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Sports Then and Now




Luis “El Tiante” Tiant

Posted on April 06, 2021 by Dean Hybl
Luis Tiant

The Sports Then and Now Vintage Athlete of the Month was the ace of the Boston Red Sox staff when they reached the 1975 World Series and is considered by many to be someone worthy of induction in the Baseball Hall of Fame.

Luis Tiant, known as “El Tiante”, spent 19 years in the majors between 1964 and 1982.

Though he was 75-64 with a 2.84 ERA in six seasons with the Cleveland Indians and then helped the Minnesota Twins reach the playoffs in 1970, it appeared that Tiant’s career might be over following the 1970 season.

He was released by the Twins and then was signed and released after only one month by the Atlanta Braves.

The Braves misjudgment proved to be a lucky break for the Boston Red Sox.

It didn’t look that way immediately as Tiant went 1-7 with a 4.85 ERA in his first season with the Red Sox.

However, in 1972 he turned things around and returned to the form that had helped him win 21 games with a 1.60 ERA for the Indians in 1968.

He led the league with a 1.91 ERA in 1972 while posting a 15-6 record.

Tiant won 20 games in 1973 and then 22 games in 1974 as he finished fourth in the Cy Young Award voting.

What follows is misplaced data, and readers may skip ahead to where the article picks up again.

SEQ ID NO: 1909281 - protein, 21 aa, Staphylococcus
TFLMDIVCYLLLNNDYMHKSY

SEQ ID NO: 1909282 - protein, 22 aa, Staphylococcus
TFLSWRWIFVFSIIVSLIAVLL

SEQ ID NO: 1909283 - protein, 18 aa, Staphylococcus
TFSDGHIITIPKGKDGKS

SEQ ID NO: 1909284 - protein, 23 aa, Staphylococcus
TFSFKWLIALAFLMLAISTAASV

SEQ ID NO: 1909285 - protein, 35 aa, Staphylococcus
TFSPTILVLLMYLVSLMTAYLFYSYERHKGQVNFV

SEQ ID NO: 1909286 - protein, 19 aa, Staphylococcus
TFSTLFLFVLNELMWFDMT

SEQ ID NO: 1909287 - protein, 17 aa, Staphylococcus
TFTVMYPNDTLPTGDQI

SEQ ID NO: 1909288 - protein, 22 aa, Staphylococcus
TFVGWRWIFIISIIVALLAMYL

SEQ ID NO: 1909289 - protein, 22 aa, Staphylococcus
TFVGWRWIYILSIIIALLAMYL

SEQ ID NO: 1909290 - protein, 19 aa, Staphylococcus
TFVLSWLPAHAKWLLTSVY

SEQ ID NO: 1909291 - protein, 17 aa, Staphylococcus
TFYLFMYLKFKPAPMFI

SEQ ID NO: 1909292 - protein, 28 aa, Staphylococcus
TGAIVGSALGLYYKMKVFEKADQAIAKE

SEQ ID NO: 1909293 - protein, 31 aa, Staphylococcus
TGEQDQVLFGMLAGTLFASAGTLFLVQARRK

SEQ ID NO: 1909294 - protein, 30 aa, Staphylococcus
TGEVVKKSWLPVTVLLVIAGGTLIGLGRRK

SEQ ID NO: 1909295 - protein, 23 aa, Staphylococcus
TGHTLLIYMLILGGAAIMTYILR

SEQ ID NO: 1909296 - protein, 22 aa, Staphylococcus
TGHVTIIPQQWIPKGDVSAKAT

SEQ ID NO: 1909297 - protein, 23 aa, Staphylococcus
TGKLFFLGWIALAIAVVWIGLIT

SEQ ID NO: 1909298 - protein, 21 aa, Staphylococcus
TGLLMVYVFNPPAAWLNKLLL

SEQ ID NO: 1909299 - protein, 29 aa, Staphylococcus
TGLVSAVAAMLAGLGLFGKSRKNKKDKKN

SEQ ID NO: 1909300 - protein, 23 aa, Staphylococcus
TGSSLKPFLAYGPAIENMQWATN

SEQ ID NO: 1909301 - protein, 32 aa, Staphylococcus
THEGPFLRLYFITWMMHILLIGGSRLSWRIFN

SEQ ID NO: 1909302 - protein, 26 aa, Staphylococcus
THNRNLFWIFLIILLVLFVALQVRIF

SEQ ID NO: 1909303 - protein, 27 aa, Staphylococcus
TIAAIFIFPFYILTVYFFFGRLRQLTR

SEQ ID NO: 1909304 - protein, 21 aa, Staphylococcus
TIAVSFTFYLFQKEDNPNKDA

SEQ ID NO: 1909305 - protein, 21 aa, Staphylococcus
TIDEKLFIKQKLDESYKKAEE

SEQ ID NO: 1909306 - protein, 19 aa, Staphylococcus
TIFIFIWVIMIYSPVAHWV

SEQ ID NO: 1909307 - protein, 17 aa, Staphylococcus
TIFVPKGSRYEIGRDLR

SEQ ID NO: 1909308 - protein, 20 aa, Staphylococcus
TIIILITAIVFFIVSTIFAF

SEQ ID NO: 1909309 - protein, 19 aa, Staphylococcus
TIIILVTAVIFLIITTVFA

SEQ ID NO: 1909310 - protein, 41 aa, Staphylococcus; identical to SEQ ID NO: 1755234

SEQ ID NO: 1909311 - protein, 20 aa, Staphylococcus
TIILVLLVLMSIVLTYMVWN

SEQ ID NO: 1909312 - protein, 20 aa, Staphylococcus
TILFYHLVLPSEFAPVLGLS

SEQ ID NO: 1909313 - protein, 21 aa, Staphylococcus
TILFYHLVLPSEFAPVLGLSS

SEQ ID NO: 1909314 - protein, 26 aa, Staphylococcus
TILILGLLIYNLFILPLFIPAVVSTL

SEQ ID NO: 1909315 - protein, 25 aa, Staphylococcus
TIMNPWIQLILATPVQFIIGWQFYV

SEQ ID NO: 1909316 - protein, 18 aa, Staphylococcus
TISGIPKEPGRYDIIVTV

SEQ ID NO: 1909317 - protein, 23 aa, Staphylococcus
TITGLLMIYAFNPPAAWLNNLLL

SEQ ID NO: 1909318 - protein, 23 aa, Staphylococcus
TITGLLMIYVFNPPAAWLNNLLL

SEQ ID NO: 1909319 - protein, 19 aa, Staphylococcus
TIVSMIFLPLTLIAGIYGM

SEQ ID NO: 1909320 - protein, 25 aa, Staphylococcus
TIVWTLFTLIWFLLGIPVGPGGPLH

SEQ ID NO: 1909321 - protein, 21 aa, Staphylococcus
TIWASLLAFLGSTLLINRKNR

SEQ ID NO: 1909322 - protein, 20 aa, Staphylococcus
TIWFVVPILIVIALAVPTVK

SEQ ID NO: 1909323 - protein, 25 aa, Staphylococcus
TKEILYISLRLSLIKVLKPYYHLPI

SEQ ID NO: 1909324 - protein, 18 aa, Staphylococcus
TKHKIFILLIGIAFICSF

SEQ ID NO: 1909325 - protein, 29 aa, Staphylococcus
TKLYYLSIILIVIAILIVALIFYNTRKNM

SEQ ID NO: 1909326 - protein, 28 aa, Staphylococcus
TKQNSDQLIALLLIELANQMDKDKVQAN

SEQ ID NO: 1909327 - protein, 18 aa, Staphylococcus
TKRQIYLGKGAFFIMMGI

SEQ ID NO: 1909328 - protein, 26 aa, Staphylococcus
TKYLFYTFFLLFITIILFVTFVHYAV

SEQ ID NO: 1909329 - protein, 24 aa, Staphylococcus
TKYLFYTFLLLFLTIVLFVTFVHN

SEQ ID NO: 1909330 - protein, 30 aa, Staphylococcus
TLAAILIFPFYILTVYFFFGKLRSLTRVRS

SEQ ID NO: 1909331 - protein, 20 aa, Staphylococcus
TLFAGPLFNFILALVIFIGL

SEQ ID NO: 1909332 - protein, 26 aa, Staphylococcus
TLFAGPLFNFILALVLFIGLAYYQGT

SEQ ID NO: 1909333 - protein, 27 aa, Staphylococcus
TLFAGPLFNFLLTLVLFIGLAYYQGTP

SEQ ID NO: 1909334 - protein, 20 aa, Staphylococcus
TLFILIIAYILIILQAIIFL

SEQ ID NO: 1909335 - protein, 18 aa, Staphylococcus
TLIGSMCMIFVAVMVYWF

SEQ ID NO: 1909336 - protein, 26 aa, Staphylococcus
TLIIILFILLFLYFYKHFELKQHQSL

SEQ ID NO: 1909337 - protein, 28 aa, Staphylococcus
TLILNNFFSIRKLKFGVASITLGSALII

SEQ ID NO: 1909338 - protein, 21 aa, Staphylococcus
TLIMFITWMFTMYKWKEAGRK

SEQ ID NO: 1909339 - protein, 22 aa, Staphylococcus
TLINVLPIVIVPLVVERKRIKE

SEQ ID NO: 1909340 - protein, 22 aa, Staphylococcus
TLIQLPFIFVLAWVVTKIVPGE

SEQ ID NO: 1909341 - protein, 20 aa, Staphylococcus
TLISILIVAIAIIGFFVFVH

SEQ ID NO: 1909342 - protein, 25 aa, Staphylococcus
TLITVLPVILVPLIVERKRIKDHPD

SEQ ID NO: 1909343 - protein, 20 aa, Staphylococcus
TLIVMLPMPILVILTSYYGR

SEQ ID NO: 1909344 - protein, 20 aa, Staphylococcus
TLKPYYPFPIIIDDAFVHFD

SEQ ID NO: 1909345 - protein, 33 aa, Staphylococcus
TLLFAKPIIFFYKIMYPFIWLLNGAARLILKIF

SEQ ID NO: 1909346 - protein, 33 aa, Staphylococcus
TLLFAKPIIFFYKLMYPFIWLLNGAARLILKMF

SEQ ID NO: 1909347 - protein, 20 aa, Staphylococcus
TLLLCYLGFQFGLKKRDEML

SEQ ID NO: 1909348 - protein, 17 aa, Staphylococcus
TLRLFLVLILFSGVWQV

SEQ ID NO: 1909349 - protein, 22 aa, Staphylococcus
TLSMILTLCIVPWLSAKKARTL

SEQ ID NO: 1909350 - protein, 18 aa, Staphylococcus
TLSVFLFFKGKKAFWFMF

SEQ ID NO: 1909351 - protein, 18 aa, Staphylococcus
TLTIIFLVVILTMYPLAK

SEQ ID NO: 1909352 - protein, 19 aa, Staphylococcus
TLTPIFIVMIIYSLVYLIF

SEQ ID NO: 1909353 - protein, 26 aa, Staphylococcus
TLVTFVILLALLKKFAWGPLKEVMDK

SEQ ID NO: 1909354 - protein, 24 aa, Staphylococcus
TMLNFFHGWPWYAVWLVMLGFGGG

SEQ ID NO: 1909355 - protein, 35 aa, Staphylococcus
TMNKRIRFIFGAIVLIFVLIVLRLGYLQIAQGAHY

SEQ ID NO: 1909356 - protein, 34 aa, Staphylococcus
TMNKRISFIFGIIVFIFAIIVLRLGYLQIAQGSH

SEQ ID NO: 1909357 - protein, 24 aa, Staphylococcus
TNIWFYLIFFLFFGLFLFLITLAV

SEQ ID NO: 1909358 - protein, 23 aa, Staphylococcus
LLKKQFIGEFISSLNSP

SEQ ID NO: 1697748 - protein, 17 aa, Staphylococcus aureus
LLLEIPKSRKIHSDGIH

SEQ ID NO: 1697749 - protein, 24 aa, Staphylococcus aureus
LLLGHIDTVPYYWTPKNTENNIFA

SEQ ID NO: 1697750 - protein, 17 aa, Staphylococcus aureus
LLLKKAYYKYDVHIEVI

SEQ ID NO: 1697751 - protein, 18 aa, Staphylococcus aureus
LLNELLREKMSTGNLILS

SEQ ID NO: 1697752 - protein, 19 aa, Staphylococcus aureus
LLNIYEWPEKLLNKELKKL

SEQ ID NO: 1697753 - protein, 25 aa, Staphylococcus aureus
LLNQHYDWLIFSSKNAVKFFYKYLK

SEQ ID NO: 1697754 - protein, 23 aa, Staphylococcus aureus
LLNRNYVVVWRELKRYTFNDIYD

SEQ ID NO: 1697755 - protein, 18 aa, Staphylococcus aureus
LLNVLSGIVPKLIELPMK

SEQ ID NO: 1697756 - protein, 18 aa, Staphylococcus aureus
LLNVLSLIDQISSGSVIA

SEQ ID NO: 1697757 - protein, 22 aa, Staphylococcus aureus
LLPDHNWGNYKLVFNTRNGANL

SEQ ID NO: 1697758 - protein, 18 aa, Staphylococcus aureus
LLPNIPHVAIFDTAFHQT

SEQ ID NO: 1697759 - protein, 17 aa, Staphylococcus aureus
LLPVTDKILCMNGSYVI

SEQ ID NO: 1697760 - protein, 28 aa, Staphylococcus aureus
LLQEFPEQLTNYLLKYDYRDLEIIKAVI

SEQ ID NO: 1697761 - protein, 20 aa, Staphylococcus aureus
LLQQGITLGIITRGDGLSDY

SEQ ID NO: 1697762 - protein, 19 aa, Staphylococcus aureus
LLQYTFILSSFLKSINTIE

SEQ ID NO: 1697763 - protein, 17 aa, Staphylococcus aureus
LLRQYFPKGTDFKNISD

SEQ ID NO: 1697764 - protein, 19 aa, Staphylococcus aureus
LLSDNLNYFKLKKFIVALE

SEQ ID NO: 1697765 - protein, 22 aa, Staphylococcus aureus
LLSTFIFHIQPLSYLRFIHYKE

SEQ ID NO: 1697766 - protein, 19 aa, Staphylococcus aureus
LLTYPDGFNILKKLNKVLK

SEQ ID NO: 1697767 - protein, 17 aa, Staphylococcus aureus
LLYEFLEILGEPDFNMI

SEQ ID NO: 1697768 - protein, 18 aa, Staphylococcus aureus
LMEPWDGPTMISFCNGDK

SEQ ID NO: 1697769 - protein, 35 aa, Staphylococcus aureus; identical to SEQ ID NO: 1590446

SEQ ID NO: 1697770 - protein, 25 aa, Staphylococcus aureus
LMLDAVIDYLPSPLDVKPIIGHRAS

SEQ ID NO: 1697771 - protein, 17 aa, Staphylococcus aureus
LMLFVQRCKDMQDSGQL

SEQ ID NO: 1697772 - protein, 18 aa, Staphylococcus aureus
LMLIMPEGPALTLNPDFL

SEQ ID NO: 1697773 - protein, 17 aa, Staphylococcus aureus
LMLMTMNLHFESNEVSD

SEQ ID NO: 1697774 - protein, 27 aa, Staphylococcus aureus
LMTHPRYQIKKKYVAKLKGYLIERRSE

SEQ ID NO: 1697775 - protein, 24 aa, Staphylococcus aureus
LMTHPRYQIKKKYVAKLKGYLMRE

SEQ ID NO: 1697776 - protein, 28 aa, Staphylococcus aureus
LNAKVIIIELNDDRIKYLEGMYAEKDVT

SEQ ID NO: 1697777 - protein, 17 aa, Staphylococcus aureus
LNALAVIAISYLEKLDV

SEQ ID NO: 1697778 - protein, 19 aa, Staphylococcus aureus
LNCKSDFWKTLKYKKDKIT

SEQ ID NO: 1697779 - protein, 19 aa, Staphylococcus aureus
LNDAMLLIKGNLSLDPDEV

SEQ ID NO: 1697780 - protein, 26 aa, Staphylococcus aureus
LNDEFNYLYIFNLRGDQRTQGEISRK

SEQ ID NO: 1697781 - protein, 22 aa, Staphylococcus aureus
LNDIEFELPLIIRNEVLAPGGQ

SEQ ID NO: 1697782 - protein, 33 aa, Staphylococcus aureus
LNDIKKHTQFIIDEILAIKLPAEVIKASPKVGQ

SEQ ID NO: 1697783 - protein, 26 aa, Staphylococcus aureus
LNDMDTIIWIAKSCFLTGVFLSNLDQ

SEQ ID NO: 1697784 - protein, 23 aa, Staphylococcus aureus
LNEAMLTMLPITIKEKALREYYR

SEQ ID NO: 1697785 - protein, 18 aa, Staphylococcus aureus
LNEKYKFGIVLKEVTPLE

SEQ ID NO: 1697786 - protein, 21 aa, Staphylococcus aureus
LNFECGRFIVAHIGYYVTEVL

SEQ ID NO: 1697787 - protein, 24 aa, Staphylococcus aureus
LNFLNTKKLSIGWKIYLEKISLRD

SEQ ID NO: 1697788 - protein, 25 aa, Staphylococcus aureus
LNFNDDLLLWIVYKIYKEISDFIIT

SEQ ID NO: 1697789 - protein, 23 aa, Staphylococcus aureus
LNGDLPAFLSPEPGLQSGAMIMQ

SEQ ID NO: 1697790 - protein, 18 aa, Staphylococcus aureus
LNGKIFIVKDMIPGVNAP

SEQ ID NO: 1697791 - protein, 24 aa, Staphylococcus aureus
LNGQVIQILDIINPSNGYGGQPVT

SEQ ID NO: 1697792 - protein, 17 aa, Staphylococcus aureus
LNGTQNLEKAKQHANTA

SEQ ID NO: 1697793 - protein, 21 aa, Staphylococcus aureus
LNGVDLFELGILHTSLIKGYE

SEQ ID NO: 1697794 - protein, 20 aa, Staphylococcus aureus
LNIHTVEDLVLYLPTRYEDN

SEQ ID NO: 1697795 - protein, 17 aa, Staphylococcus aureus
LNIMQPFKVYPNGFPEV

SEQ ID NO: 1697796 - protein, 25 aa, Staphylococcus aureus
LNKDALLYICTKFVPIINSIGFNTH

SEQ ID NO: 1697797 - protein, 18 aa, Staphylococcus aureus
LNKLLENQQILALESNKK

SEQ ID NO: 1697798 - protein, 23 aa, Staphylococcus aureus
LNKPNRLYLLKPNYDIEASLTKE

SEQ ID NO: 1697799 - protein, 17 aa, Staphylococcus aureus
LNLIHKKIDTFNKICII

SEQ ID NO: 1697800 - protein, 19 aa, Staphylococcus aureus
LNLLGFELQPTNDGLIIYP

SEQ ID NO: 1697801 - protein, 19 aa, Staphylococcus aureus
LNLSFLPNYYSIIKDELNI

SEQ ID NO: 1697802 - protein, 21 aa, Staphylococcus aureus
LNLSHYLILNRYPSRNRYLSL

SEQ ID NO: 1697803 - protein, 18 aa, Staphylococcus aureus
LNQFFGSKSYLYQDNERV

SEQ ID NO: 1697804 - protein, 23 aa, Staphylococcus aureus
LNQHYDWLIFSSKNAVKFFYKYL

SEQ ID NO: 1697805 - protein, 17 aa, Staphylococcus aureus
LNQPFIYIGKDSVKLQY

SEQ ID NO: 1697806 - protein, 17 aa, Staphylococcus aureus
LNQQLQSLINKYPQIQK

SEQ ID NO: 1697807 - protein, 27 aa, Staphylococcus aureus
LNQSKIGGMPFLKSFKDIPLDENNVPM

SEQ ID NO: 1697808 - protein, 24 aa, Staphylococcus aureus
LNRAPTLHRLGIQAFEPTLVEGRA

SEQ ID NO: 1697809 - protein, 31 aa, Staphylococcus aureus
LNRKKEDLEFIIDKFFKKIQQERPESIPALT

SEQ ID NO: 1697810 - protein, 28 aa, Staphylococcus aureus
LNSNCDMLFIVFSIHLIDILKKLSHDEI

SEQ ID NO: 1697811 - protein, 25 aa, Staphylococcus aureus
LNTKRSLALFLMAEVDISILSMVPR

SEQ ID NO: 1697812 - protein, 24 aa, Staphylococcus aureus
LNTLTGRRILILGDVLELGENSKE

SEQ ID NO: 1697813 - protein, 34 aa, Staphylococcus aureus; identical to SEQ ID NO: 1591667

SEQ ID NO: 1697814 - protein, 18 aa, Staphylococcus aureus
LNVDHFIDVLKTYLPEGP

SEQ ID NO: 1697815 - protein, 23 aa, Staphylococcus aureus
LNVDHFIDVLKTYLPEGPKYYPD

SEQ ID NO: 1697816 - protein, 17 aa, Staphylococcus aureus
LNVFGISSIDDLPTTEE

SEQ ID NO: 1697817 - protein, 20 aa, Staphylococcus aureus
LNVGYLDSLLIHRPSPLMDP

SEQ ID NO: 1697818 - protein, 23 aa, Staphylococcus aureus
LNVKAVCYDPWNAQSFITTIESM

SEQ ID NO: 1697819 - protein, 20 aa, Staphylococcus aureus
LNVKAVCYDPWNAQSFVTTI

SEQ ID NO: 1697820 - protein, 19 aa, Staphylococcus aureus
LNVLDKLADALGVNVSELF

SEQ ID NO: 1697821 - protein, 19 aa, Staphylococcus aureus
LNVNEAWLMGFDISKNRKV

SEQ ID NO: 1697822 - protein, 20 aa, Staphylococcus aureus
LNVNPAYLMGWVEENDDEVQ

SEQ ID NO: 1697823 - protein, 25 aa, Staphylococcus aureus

In 1975, he didn’t have quite as strong a regular season with an 18-14 record and 4.02 ERA, but he was a key component of the success that led the Red Sox into the World Series for the first time since 1967.

Against the three-time defending World Champion Oakland A’s in the League Championship Series, Tiant allowed only three hits and an unearned run to win his only start.

With his unorthodox delivery that had his back facing home plate, Tiant became a national celebrity during the 1975 World Series.

Originally from Cuba, his parents had never seen him pitch at the major league level. They received a special VISA to travel to Boston for the opening of the World Series and Tiant did not disappoint.

He confused Cincinnati’s “Big Red Machine” in pitching a 6-0 shutout. In game four he wasn’t quite as dominant, but recorded his second straight complete game victory.

Tiant left game six trailing in the eighth inning, but was bailed out by Bernie Carbo and Carlton Fisk as Boston went on to win the game.

The following season, Tiant went 21-12 with a 3.06 ERA and made his third trip to the All-Star Game.

He pitched two more seasons for the Red Sox and over his eight-year tenure registered a 122-81 record with a 3.22 ERA.

Tiant concluded his career in 1982 with the California Angels.

With a career record of 229-172 with a 3.30 ERA and four 20+ victory seasons, many believe Tiant is deserving of induction in the Baseball Hall of Fame. However, after receiving support from 31% of the voters during his first year of eligibility for the Hall of Fame, Tiant never again exceeded 18% (well shy of the needed 75%) before his window ended in 2002. Tiant is now eligible for selection by the senior’s committee, but has yet to gain enough support to earn a spot in Cooperstown.


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